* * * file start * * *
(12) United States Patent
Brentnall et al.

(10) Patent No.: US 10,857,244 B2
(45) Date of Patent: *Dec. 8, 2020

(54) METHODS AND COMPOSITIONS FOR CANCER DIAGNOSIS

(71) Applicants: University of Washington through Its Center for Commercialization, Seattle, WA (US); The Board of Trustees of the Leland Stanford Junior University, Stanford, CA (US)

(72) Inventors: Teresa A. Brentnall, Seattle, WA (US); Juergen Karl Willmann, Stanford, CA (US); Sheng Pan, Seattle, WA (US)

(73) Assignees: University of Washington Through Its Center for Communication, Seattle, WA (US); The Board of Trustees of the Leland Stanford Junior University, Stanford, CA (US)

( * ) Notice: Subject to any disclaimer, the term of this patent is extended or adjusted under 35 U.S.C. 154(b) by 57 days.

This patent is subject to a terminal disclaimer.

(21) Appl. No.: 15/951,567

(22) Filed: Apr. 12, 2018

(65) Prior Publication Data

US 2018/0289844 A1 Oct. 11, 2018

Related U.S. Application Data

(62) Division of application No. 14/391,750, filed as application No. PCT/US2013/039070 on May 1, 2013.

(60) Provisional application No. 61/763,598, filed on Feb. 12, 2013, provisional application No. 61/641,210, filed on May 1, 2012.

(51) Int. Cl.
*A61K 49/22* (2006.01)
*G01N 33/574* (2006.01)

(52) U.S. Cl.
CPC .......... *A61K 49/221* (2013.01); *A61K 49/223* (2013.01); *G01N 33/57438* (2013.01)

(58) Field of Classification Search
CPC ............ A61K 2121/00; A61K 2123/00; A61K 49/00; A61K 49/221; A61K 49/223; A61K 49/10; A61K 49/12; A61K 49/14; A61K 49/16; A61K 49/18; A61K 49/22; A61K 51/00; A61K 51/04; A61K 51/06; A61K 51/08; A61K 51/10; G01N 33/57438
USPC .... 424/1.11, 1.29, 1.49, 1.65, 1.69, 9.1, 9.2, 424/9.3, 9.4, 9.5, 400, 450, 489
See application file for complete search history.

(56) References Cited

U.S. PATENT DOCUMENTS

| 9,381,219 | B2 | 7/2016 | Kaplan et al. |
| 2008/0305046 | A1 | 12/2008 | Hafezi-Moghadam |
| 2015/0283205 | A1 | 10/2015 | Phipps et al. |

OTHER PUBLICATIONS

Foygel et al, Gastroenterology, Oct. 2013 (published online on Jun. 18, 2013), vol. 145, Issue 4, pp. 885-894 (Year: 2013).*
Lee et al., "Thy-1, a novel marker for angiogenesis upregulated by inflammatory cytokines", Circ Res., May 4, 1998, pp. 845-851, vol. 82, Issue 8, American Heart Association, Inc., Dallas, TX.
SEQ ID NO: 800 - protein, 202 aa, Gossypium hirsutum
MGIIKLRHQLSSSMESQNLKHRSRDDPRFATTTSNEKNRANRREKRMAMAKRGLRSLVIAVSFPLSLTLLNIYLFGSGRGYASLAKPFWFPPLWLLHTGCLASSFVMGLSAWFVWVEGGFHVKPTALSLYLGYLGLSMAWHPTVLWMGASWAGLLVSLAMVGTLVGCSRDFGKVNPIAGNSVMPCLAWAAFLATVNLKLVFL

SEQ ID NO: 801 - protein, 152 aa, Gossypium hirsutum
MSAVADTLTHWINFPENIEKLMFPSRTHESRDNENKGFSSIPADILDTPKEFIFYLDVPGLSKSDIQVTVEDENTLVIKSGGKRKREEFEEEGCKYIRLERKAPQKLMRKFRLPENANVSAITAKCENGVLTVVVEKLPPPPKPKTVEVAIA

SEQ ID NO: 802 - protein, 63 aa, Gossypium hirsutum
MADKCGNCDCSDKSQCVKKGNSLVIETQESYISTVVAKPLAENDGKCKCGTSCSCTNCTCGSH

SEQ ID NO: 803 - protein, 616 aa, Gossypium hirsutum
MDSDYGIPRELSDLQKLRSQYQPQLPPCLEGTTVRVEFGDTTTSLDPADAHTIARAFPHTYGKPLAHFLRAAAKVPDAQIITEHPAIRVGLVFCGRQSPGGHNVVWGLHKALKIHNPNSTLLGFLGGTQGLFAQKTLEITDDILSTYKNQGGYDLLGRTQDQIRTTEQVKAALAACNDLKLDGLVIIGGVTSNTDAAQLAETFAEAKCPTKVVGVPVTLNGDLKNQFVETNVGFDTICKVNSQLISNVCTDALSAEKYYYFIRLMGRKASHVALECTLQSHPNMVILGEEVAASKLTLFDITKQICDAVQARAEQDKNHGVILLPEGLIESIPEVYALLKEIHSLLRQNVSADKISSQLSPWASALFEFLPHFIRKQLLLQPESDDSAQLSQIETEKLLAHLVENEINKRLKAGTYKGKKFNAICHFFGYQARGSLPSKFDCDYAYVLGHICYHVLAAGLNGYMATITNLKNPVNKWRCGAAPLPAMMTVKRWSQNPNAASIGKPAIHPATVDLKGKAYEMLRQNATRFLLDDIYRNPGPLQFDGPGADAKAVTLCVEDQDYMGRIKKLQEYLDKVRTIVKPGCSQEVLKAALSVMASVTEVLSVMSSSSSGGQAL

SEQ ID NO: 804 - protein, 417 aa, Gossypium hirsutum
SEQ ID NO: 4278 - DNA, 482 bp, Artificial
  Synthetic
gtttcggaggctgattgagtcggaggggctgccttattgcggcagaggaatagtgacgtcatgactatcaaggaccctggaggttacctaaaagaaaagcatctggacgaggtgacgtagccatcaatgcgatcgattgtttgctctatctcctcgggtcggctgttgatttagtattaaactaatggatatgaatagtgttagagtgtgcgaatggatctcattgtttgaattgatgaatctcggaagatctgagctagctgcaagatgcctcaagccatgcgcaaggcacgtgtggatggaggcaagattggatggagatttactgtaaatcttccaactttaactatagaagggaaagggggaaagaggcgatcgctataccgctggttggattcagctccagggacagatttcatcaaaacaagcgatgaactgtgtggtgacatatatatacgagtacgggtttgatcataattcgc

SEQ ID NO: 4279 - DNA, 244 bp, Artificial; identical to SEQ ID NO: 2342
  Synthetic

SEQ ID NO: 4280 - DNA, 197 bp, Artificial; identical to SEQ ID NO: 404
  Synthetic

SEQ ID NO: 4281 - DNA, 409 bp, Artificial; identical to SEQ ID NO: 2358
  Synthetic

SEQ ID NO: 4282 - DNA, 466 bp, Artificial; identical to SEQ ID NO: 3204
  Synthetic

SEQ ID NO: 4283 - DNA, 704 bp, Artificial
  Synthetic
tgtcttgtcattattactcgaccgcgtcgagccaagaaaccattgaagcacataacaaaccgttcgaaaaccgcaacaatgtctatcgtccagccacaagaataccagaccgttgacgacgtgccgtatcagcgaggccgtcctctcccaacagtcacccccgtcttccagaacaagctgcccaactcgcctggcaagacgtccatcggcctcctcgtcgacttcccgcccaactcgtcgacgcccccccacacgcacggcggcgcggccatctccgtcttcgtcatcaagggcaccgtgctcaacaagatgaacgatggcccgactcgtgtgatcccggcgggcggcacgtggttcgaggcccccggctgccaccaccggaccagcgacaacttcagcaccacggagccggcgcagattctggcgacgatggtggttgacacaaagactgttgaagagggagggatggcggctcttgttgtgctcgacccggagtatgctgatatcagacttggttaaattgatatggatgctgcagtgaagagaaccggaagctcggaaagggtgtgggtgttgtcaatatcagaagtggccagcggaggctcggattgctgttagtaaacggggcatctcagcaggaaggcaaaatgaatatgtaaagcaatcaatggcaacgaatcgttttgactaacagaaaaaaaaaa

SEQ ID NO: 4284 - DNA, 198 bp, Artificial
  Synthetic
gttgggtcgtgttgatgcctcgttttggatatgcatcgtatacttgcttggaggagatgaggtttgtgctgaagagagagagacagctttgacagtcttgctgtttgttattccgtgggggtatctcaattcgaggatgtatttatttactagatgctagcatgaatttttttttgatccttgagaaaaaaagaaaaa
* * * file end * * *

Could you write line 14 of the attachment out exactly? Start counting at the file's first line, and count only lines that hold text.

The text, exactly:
US 2018/0289844 A1 Oct. 11, 2018